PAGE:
Of course, the business managers would have fits. Why should we make it easy for customers to leave the service? That’s because they are short sighted. These are not your customers now. Try to lock them in before they become your customers, and you’ll just lock themout. But if you make an honest promise that it will be easy to back out of the service if they’re not happy, and suddenly you eliminate one more barrier to entry.

A must read, is this.

The Chicken and Egg Problem

Found this excellent, excellent post about creating a new platform in competition with an existing one, and getting people to actually use it (you know, like—Google+). This is a must read!

You should be starting to get some ideas about how to break the chicken and egg problem: provide a backwards compatibility mode which either delivers a truckload of chickens, or a truckload of eggs, depending on how you look at it, and sit back and rake in the bucks.

Also, an amazing tidbit of information, about backwards compatibility in Windows 95:

Windows 95? No problem. Nice new 32 bit API, but it still ran old 16 bit software perfectly. Microsoft obsessed about this, spending a big chunk of change testing every old program they could find with Windows 95. Jon Ross, who wrote the original version of SimCity for Windows 3.x, told me that he accidentally left a bug in SimCity where he read memory that he had just freed. Yep. It worked fine on Windows 3.x, because the memory never went anywhere. Here’s the amazing part: On beta versions of Windows 95, SimCity wasn’t working in testing. Microsoft tracked down the bug and added specific code to Windows 95 that looks for SimCity. If it finds SimCity running, it runs the memory allocator in a special mode that doesn’t free memory right away. That’s the kind of obsession with backward compatibility that made people willing to upgrade to Windows 95.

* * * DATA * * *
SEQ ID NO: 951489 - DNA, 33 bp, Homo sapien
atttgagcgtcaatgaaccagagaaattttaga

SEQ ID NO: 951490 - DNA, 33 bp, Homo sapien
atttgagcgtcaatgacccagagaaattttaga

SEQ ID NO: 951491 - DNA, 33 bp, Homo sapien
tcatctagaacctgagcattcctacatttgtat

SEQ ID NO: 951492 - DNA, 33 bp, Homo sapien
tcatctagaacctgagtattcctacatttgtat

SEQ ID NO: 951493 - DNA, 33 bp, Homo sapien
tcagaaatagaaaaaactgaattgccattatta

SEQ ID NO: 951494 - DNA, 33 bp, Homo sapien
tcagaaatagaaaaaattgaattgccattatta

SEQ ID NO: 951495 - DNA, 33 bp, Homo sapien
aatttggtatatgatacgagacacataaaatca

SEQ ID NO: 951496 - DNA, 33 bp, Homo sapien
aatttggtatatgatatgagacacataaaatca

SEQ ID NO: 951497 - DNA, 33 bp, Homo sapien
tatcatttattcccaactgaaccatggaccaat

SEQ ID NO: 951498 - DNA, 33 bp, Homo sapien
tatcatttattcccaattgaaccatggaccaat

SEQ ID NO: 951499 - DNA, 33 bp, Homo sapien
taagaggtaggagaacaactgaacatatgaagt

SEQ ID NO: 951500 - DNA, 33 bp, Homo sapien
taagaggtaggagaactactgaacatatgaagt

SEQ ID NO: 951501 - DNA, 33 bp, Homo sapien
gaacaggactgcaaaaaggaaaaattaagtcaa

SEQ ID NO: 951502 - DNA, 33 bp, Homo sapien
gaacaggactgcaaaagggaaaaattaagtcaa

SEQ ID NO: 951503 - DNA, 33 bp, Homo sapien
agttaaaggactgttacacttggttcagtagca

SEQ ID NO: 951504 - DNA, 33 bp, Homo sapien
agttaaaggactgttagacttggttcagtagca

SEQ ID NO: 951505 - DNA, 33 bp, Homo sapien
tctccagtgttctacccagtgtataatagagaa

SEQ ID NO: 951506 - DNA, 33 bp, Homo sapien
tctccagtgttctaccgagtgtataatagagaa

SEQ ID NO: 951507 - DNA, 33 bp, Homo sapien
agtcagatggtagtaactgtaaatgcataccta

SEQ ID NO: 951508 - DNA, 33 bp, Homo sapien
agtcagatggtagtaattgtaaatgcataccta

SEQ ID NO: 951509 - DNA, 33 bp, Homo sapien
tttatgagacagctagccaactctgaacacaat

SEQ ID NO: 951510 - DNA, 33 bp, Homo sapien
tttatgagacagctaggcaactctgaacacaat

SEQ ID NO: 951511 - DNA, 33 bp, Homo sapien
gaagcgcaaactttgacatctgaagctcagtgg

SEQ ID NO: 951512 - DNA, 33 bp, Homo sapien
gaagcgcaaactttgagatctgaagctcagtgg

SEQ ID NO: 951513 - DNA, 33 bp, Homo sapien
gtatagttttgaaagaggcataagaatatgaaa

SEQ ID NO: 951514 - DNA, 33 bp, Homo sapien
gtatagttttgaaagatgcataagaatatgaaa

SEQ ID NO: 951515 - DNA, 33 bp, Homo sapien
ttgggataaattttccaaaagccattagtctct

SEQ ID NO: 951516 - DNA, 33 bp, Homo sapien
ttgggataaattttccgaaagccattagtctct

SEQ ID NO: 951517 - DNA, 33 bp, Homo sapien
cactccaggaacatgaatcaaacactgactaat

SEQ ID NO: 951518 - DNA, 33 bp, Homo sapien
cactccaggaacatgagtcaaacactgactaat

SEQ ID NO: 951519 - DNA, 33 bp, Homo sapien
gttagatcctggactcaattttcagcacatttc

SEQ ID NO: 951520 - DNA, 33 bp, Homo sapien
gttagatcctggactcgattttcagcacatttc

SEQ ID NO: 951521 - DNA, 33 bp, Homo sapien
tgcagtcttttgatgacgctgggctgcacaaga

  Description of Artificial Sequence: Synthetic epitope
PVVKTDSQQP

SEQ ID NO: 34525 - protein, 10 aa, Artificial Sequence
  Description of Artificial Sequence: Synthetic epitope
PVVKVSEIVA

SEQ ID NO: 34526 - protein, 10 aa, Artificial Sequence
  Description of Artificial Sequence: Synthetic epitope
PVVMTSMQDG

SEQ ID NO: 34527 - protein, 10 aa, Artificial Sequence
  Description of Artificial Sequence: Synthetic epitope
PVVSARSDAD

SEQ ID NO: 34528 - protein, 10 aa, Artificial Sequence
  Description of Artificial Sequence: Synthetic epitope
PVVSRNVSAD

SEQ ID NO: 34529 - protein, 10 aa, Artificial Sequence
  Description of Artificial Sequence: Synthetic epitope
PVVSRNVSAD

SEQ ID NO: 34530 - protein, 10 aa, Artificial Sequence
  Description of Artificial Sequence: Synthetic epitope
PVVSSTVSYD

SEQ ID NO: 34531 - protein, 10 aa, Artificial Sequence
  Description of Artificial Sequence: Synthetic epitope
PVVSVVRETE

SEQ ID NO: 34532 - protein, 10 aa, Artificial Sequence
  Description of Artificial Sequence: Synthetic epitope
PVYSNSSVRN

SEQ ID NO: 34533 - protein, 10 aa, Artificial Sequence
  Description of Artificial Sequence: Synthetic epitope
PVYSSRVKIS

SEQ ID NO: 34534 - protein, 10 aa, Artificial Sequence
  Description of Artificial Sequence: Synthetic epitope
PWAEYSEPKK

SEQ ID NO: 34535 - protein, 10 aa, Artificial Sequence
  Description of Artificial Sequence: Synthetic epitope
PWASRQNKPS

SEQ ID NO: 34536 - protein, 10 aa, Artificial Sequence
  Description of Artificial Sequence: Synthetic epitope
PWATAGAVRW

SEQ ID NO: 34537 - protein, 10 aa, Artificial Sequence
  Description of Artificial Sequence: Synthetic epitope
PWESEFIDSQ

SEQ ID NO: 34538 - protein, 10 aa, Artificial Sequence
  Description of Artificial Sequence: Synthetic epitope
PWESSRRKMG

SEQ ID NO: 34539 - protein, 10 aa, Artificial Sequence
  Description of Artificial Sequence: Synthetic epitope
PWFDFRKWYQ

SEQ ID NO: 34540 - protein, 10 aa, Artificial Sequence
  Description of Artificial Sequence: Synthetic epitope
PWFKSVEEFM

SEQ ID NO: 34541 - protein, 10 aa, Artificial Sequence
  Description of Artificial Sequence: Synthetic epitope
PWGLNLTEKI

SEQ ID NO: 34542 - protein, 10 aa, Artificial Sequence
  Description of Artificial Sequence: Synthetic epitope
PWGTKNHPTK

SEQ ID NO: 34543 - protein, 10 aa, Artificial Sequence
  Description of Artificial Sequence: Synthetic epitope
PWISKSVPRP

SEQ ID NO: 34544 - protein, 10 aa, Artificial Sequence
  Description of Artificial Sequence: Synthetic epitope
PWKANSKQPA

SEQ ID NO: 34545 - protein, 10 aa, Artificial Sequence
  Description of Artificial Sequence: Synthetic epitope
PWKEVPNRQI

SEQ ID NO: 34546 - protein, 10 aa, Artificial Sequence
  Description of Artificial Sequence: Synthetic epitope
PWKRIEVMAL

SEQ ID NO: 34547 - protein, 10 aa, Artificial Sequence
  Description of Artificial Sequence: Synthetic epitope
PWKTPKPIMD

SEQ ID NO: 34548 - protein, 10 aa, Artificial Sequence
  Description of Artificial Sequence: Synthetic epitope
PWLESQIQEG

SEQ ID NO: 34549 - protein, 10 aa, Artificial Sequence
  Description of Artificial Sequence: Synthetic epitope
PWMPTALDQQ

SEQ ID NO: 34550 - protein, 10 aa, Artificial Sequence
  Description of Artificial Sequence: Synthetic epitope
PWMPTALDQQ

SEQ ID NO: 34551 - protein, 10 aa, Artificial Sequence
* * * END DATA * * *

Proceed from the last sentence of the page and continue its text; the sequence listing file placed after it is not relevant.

Turns out this was written in May 2000. That’s right, 11 years ago. Wow.

“Web browsers are done”, and other such claims waiting to be refuted.

Came across this very interesting post today, in which, among other things, the author bemoans the rapid sequence of updates that Firefox is coming out with:

If you use Firefox 3.6, you should assume that, after August, there will be no more fixes, security or otherwise. If you want to get on board with their process, you’ll need to start using Firefox 4. But wait a minute. Firefox 4 is dead too. You need to be using Firefox 5. And that will be dead in a few months, replaced by Firefox 6. And so on.

I can understand the author’s anguish at the termination of support for older versions of Firefox, since he personally is conservative with his software updates:

I am not just this conservative with browsers. I’m running Windows Server 2003 on my cloud machines. That’s eight year old OS. Runs great! Does absolutely everything I need. And Microsoft is, thankfully, keeping it updated.

However, he must keep in mind that not all companies can keep supporting legacy versions of their software – they simply don’t have the resources for it. Heck, even Apple does it every few years, which is one reason they’re not very popular in the corporate sector.